Classical violinist v jazzer
The violin is known mainly as an instrument in classical music. How does the jazzer differ from the straight player?
In technique, very little. We both need as much mastery over the instrument as we can muster, so we can play whatever we want. We both need to use techniques that are free from inherent limitation. By “inherent limitation”, I mean that the technique itself should not stop us from achieving our musical aims. For example, if we play with our palms flat against the neck, we have an inherent block to playing in the higher positions. If the point of technique is to enable the player to play anything they need to, then the only limit should be the demands of the music, and that applies to improvising as much as to playing composed music.
One difference arises because the classical player needs to play what someone else has written, so that the technical demands are created without reference to the individual player's ability. This means that when given a written piece, the classical player can go through the piece at sight, find whether there are any patches that are technically too difficult, and then work on them.
The jazzer, however, needs to be able to play whatever they come up with on the spot. This means there is no opportunity to work on any tricky passages. Now, what they come up with is, to some degree, determined by their technique. Most players will not come up with ideas that they find too much of a challenge to put into practice. So, while the straight player has to rise to the demands of the music, too often, the jazzer dumbs down the improvised music to fit the range of his technique. Very few play at the edge of their abilities.
Such self-limitation is an argument for jazzers to develop their mastery of the instrument. If technique is the limitation, improve the technique. What if technique is of little or no problem? Top flight classical players seem to have few technical challenges left, if any. More and more difficult music has been written, and they seem to be able to play it all. And yet, when asked to improvise, or even play a written piece with a jazz feel, all too often they have no success. Why should this be?
It is clear from this that technique alone is not enough. There has to be some underlying understanding of the structure of music – its syntax and semantics. In other words, the jazzer has to have a strong internalised understanding of music theory. Now, that does not mean that they have to know all the names of all the chords and cadences, or all the scales, and their notes. When we speak English, we don't think of all the phrase structures, the subordinate clauses or what part of speech we are using. All the same, in general we use the rules of grammar fairly well. We have a subconscious knowledge of these rules, and more importantly, of how to use and apply them, without necessarily being able to say what we are doing.
It is the same for the jazzer. As I discuss in my article on learning a standard, the jazzer has to start from this position of analysis. It may not be a formal process, but the mind's ear, at least, will be looking for root movements, tonality shifts, rhythmic forms, and all manner of other structures. Some do it consciously, others in a more intuitive fashion. By such an approach, the jazzer or improviser will build an internal store of rules of thumb such as how different notes work with each, the effect of tonal context on different notes, or what the interaction between tonality and time does for a piece.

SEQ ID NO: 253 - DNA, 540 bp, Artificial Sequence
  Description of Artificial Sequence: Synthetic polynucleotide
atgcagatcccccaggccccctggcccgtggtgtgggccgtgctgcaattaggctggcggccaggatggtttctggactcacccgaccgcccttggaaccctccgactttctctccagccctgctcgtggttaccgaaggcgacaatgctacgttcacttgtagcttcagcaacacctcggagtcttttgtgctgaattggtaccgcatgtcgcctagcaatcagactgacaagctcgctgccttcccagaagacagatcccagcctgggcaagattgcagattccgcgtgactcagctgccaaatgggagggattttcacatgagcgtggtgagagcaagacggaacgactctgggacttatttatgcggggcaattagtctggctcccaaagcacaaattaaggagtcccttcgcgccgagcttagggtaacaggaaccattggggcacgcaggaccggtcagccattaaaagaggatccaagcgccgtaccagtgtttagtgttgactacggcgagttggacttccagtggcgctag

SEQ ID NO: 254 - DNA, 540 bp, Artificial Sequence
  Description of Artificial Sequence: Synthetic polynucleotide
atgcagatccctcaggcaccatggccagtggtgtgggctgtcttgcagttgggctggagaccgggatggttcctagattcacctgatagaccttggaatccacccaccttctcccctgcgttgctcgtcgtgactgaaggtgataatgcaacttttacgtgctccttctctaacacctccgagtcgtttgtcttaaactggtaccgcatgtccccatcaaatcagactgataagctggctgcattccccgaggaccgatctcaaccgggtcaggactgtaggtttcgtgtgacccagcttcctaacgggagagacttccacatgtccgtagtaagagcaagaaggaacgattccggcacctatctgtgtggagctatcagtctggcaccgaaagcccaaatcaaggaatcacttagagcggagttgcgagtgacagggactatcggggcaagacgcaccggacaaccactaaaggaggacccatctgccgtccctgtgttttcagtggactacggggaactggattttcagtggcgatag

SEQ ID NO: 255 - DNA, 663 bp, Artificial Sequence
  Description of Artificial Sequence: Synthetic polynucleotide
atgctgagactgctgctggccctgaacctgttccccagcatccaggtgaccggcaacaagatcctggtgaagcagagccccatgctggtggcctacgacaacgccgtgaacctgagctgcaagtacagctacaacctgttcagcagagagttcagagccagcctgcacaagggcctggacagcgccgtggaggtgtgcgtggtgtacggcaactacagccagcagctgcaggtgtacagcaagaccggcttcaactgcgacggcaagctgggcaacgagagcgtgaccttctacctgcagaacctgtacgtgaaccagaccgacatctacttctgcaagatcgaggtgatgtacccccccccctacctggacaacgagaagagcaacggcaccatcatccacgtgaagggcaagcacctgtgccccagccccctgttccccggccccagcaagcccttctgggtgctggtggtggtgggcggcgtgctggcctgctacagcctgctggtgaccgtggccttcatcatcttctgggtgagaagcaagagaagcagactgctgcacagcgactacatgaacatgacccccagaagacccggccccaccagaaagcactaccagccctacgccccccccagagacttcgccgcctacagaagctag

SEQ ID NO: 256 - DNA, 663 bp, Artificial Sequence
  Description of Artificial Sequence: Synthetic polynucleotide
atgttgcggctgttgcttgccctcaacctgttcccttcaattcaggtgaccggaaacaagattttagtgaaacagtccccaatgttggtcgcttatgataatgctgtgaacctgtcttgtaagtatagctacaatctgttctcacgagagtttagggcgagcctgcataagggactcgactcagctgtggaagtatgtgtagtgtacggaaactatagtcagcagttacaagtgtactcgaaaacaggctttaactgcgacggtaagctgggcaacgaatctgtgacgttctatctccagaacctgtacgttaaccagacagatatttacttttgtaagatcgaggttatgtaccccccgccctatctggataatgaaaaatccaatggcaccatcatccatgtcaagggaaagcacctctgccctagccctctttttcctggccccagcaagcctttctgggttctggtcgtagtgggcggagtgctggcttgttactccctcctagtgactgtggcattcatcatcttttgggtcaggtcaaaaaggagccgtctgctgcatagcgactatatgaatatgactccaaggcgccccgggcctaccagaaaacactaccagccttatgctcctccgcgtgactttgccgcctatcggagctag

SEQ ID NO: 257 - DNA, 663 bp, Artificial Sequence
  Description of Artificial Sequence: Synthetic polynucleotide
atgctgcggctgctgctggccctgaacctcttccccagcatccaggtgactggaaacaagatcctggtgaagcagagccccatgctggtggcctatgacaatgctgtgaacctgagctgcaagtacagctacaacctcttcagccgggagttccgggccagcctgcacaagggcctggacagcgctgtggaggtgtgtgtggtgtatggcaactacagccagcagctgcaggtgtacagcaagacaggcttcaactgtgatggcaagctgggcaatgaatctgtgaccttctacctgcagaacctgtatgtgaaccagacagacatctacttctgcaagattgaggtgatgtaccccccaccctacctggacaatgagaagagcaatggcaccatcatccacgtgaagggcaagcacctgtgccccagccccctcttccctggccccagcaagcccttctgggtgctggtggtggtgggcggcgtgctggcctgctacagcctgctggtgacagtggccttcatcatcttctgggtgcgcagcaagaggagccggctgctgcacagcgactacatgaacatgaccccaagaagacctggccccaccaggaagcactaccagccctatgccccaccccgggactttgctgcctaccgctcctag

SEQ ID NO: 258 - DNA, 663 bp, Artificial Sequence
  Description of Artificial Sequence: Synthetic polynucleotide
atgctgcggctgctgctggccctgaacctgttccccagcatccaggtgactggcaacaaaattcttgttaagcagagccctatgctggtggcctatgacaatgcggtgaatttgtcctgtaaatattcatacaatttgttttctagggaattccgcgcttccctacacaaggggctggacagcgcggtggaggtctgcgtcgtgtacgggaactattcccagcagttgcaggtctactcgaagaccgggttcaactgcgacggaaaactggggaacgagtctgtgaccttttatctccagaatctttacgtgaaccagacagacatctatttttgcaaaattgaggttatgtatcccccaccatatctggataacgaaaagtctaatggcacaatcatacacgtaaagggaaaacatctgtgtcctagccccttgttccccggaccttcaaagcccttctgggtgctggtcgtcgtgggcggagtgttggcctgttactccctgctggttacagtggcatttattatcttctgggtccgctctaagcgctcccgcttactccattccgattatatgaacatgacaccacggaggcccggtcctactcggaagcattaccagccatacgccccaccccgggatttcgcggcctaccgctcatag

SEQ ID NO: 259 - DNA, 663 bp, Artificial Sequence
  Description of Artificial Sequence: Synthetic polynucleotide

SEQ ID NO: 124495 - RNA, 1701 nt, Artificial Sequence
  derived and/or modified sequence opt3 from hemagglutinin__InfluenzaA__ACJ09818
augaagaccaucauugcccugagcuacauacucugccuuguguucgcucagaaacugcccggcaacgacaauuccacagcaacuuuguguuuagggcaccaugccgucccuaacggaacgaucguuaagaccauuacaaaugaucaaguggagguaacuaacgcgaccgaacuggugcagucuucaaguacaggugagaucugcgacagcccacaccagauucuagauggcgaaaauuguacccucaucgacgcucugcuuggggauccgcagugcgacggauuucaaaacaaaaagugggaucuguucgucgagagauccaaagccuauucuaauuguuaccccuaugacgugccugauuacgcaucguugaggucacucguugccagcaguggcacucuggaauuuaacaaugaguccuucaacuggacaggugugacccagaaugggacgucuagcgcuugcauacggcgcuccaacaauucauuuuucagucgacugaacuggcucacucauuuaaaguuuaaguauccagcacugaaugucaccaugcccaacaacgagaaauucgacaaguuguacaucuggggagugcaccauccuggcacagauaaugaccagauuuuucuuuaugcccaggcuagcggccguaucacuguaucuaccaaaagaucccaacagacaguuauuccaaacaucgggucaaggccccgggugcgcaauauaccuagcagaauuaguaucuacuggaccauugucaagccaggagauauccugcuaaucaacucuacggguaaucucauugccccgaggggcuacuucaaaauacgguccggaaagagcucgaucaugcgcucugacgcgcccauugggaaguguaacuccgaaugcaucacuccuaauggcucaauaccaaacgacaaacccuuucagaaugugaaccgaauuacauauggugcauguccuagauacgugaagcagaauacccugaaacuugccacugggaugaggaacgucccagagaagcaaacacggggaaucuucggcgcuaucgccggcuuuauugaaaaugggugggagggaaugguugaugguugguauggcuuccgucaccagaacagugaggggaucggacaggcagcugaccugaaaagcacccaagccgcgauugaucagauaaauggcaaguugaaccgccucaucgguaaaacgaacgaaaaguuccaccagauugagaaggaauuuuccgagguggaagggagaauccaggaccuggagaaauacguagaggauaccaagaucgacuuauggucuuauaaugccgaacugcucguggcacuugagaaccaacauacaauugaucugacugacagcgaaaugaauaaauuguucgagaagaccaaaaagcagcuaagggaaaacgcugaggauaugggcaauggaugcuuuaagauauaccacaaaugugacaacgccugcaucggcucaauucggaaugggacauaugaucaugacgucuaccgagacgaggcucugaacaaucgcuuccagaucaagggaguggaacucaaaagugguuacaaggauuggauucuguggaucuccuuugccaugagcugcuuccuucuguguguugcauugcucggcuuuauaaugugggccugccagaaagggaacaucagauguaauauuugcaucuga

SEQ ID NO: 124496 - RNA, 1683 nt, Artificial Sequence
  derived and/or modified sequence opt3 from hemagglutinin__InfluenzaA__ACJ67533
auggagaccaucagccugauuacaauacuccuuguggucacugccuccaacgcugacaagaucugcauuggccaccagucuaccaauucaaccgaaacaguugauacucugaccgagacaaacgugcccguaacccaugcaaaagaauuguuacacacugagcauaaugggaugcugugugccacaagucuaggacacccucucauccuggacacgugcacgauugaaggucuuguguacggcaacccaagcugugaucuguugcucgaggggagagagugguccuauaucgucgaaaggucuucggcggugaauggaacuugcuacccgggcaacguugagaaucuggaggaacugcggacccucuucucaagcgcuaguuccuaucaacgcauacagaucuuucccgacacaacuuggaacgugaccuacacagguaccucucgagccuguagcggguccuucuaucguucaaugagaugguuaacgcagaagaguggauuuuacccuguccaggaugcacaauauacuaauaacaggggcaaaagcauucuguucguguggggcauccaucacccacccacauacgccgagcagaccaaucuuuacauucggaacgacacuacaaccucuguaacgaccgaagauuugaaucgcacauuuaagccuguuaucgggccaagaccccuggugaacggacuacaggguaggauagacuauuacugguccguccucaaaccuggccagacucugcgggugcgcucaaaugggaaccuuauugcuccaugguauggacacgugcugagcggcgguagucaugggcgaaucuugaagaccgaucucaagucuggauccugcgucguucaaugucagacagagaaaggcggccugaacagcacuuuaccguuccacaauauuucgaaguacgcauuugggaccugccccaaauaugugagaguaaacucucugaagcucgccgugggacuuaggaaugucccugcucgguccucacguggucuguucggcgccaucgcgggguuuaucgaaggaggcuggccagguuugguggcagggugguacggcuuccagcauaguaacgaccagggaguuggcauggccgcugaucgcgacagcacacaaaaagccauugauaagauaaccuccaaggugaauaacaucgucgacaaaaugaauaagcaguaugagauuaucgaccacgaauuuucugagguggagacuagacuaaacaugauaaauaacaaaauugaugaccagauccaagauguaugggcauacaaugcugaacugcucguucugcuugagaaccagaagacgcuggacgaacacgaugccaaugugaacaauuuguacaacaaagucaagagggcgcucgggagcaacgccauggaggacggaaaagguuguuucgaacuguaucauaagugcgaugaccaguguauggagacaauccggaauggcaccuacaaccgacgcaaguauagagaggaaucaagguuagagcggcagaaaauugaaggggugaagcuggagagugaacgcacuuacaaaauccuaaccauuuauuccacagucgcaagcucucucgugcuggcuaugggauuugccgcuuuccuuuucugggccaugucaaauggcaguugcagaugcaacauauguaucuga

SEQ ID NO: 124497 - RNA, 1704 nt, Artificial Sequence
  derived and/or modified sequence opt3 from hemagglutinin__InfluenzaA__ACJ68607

On the other hand, most classical players are unlikely to analyse a classical piece in terms, say, of harmonic movement or phrase structure. I suspect that the very best do, but whenever I have done this with classical students, it has always seemed to be a new thing for them. This leads me to ask, “What happens when a player has bags of technique, but little internalised theory?” You end up with lots of clever violinistic (or saxophonic, guitaristic,or pianistic) tricks with no musical meaning or structure. This applies to players in both fields. A classical player who has not analysed a piece will not understand why the phrases break where they do, nor where the accents are supposed to fall. Equally, such a classical player, faced with improvisation will produce lines with no internal logic, and full of fast scales and arpeggios with no purpose. It is like hearing someone using lots of long words, whose meaning they do not know.
A similar thing happens with the jazzer who has learned countless licks, riffs and patterns, and wants to show them off. The technique is there, the vocabulary is there, but the understanding of what these motifs are for and what they do may not be. The player does not have an architecture in which the place these ideas – no understanding of context. In this case all you get is a bunch of unconnected, unrelated learned ideas that do not tell a story.
Telling a story is what both types of player are trying do. The classical player is telling a story that someone else has written, while the improviser is telling you a story that they are making up as they go along. Both stories need a beginning a middle and an end. Both need to develop through time, and the purpose of technique is to give those stories as much interest, power and content as the player can.